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Printing Revisited.

3D Printing – The New Industrial Revolution.

3D Printing. Until quite recently one of the best kept secrets of NASA technology, 3D printing is now finding its way into playrooms around the globe. Instead of painting books, kids will soon be getting printers to make their own figurines. Maybe even next Christmas – Mattel’s ThingMaker, a 3D printer for kids, is scheduled to be on sale from the fall of 2016. Is Barbie going into retirement, or totally reinventing herself?
The world’s second-largest toymaker is winding down its sales of dolls and shifting its focus to 3D printers, filaments, and software packages. The company could well become the world’s largest supplier of filaments – the raw material for 3D printing – and CAD files. That would be the end of the toymaker as such, and the beginning of the universal thing-maker for absolutely anything that can be printed in 3D. Furniture – made by Mattel. Shoes – made by Mattel. Fashion – made by Mattel.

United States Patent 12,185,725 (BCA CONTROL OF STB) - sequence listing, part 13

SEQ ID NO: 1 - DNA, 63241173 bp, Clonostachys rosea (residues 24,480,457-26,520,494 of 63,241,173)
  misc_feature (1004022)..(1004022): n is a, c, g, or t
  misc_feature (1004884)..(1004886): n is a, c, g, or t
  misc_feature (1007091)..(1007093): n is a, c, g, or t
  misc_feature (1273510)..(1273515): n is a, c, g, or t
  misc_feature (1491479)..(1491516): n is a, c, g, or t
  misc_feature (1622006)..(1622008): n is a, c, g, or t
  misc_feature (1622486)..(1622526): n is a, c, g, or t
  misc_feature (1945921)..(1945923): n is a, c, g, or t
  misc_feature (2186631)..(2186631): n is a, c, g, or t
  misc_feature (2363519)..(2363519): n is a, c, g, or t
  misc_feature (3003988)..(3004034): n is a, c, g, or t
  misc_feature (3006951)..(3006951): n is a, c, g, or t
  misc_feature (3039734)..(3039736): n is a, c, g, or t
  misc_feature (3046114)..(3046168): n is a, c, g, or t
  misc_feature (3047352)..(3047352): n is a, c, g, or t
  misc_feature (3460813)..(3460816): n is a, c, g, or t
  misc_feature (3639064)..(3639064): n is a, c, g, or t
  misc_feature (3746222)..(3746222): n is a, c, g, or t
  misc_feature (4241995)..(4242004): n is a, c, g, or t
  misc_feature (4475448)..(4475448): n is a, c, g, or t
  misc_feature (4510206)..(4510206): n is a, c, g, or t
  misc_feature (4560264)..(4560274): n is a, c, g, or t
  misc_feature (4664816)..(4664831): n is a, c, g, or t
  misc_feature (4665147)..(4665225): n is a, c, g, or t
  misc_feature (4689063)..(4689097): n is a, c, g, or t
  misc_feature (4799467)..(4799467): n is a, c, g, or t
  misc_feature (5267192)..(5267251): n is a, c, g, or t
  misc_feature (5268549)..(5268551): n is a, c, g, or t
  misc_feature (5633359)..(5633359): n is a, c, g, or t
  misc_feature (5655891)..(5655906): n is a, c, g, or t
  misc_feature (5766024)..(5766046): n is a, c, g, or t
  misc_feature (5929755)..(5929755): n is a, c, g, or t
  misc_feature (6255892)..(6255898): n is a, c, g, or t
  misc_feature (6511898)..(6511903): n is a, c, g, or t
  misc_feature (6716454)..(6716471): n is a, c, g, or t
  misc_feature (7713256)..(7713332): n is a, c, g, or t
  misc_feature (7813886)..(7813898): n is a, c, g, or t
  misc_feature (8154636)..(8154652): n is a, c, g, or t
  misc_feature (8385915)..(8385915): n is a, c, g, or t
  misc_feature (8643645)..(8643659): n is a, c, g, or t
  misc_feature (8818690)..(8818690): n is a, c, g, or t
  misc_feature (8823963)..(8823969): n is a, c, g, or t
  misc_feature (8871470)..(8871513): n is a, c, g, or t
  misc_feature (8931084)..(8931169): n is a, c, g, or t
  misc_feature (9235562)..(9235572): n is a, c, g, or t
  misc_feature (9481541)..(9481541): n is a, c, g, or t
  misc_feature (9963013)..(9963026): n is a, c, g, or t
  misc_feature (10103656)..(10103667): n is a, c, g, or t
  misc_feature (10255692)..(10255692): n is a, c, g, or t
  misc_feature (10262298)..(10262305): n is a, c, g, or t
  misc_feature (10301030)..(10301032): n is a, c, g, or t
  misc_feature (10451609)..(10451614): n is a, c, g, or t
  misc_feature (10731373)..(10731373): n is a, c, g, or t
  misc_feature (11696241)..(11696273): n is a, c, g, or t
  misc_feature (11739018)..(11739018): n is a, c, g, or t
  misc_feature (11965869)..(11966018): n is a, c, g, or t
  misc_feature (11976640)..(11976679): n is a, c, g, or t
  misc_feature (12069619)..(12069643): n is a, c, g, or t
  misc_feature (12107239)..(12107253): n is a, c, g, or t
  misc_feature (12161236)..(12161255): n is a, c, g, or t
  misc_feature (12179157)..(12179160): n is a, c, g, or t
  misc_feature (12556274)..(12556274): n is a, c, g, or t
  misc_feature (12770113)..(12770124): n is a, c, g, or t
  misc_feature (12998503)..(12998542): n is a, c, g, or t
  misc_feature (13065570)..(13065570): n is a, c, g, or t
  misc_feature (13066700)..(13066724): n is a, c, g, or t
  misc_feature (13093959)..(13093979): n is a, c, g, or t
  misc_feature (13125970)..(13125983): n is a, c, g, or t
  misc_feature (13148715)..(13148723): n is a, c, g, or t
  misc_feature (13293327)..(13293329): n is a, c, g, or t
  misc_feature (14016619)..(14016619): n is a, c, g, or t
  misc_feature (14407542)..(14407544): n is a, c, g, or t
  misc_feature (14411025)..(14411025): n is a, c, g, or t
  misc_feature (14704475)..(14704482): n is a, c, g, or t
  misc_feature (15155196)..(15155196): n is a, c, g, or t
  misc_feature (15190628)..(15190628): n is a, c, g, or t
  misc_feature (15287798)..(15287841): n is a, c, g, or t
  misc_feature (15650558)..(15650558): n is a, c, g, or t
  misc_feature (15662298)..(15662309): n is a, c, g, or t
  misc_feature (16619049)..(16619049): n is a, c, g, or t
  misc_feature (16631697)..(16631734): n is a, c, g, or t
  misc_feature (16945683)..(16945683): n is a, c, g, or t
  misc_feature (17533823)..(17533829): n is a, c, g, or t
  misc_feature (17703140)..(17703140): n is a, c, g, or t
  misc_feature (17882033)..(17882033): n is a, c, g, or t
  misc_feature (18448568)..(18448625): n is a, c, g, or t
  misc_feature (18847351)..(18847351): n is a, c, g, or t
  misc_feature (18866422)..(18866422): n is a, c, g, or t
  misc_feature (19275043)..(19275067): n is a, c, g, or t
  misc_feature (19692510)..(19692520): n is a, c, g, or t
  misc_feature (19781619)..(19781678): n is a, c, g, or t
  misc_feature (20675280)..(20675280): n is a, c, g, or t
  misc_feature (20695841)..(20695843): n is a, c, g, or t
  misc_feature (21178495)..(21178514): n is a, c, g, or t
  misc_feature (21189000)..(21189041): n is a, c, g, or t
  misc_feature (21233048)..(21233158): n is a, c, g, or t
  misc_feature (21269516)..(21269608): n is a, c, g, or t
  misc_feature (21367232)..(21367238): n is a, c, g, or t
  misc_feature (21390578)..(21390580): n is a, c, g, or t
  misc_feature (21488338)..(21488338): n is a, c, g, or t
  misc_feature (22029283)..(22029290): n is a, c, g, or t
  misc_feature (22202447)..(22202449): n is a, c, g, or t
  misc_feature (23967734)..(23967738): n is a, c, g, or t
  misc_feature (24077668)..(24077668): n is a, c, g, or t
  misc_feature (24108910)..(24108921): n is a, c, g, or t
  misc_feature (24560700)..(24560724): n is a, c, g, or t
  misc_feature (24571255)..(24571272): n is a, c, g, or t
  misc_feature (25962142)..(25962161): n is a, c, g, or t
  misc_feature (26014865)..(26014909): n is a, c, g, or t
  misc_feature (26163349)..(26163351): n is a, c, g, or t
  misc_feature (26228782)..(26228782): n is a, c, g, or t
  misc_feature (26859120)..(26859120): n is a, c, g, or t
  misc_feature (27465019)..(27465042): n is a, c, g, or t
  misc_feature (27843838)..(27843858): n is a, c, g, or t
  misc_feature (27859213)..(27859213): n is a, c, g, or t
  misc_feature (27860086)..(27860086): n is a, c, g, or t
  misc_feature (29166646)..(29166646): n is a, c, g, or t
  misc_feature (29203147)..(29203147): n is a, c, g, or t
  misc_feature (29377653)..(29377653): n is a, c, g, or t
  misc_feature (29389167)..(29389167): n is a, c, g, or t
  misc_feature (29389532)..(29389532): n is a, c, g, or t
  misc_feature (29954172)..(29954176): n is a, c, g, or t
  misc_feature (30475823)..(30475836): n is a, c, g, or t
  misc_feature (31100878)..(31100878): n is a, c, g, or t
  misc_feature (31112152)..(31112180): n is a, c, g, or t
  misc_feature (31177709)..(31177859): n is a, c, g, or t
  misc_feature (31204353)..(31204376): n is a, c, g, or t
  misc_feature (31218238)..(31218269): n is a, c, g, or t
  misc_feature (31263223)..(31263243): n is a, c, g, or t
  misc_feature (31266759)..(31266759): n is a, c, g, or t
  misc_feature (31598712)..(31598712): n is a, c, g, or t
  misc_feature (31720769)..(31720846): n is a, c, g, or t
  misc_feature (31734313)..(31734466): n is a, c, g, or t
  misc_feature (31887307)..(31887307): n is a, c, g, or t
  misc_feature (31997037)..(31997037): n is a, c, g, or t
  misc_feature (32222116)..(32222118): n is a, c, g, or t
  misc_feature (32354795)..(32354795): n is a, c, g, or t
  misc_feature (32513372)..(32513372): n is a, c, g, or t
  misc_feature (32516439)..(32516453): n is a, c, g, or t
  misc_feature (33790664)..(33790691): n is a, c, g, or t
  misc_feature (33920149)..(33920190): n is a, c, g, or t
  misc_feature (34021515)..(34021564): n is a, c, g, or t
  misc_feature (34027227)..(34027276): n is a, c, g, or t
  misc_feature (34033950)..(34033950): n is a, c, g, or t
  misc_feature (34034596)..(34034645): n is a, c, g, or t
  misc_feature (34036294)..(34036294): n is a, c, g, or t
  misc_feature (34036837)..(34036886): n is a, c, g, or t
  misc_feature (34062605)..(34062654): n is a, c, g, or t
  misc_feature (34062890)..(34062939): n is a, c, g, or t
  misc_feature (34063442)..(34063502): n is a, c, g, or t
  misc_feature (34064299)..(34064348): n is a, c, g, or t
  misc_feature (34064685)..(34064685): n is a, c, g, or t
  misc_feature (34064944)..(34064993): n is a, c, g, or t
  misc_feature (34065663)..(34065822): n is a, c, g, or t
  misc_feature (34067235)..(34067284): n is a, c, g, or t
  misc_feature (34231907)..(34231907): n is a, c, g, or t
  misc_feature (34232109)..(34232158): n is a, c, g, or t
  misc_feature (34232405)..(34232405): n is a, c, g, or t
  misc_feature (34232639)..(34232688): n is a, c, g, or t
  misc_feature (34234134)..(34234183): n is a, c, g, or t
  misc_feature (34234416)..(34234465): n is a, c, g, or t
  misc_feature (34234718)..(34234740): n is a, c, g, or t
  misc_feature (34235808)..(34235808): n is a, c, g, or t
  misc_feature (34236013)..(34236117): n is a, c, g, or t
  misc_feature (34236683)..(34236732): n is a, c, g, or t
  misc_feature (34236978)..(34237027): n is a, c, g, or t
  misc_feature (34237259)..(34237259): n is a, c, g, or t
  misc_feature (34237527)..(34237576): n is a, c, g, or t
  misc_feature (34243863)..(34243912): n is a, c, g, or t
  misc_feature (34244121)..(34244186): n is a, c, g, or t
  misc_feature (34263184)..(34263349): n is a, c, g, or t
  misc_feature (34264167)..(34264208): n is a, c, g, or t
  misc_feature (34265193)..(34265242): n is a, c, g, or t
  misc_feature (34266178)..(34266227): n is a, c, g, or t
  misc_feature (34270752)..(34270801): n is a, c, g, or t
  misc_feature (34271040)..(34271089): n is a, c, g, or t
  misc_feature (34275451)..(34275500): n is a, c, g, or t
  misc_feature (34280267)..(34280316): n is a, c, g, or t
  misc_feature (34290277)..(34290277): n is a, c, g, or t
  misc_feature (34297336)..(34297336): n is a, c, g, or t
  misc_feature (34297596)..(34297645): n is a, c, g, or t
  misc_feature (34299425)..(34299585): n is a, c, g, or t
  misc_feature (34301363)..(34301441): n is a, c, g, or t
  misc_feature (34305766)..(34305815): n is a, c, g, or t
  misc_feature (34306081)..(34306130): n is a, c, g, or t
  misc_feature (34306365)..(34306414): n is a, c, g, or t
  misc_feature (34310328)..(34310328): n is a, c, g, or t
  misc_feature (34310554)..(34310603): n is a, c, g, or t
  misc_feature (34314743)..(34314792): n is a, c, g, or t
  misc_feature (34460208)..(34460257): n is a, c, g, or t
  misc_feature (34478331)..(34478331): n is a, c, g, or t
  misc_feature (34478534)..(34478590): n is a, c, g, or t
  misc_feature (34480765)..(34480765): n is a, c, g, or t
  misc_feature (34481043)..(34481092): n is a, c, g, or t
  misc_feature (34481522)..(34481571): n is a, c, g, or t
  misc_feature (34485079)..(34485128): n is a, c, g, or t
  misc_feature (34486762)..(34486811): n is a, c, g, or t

Rapid Prototyping Was Yesterday.

Anyone who still thinks that 3D printing is only a neat bit of tech for short runs or prototyping, could be about to be overwhelmed by their own complacency. We have gone way beyond rapid prototyping. We are on the brink of rapid manufacturing.
Here’s an example: in the past, 20 individual components were needed to make one single injection nozzle. Each had its own special form and needed its own special tools. If one part was missing, the others couldn’t be fitted together. Today, the nozzle is made in a single additive process. This production method – almost without the need for tools or injection molding – saves materials, weight, and costs.